WORDS BY EMILY WOOD & PHOTOS BY DIYANA NOORY
Bake me into the wonder bread and twinkies. Simple stuff, a body.
Convenience stores are the pillars of
modern society. Along with libraries and the
statue of liberty there are the shops on corners.
The property that most people don’t want,
in between the bricks of better buildings. The laws
of physics state that no more than three people
can be in one at once. You, the guy who’s looking at
porn, and someone’s dad behind the counter.
I want to eat a bong shaped cake. Maybe
dip my hair in it to get in other people’s
mouths. Live in a house built only out of
the wrappers of kit kats and some empty
energy drinks. I always wanted to touch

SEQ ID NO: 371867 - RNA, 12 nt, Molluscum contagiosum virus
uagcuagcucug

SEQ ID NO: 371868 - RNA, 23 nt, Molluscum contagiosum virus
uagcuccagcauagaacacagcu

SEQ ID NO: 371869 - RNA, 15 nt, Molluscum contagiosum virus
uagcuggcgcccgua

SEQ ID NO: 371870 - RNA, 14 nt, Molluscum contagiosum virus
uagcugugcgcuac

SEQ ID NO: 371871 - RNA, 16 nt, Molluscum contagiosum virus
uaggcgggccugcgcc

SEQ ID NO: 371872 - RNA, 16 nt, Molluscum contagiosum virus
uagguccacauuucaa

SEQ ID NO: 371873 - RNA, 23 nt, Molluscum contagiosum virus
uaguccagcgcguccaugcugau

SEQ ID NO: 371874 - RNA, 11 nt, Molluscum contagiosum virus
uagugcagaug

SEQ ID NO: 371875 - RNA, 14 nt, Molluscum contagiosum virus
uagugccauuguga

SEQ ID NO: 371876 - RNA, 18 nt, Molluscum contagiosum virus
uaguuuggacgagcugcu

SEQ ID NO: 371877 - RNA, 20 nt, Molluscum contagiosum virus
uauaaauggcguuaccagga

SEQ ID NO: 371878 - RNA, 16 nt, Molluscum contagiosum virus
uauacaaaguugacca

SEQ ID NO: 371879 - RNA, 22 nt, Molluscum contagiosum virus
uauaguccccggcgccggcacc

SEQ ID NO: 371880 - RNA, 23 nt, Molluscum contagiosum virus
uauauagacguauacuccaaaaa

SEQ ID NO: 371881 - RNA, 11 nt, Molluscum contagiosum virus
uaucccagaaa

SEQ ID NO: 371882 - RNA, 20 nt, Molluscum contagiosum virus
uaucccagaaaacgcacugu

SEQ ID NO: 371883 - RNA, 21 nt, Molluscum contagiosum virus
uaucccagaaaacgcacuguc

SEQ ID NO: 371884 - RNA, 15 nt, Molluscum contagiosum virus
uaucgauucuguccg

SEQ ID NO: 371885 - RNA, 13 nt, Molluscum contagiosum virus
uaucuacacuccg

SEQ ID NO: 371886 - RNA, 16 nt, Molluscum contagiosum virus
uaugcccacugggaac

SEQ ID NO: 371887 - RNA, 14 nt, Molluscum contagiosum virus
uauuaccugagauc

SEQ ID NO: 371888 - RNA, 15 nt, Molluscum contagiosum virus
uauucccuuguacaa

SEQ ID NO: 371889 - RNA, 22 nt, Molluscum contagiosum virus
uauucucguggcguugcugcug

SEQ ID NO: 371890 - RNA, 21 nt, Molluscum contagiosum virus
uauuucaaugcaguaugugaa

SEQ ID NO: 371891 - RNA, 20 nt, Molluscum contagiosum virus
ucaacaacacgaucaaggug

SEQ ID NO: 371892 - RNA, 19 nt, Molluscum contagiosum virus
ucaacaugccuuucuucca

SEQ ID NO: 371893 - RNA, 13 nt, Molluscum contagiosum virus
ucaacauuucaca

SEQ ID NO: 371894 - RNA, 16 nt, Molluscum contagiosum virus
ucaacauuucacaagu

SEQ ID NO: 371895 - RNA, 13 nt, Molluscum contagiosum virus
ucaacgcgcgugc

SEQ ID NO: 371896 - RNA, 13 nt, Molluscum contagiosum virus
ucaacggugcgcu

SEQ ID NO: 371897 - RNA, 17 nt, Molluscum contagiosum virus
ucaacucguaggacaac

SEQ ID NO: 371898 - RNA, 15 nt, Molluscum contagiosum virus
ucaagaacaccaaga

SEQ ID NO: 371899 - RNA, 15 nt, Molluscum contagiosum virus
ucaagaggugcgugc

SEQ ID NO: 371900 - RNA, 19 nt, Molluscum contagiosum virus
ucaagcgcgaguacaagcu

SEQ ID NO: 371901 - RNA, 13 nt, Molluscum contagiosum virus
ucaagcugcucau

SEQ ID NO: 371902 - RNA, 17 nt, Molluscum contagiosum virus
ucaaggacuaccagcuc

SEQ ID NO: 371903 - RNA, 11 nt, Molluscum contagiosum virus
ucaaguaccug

the cigarettes behind the counter.
Always wanted to stick them in
between my lips and my tongue and chew.
When I was 13 we would all go to the
corner store and drink fizzy pop
and lick ice cream. The height of my existence
to consume the guts of what’s easy. I began
to feel bad about my body and wouldn’t
eat hot chicken nuggets anymore. Only some
grape soda and a bag of salt and vinegar
chips. Cold. Slicked with sweat.
The kicker is that when I desired convenience
most I wouldn’t let myself have it. I wanted
the magazines with tits in them and a hand
full of skittles. Was never allowed,
I had all the quarters but none of the nuts.
My body didn’t digest properly, the skin
and the sugar too much. Bake me into the
wonder bread and twinkies. Package me,
50 cents a piece. Simple stuff, a body.
Sometimes I find mine in my local convenience
store. Sometimes I let it rot in the bathroom
OUR LAST SUMMER
SLOW DESCENT OF THE SUMMER
IN PRAISE OF THE PHASE
WISH YOU HERE
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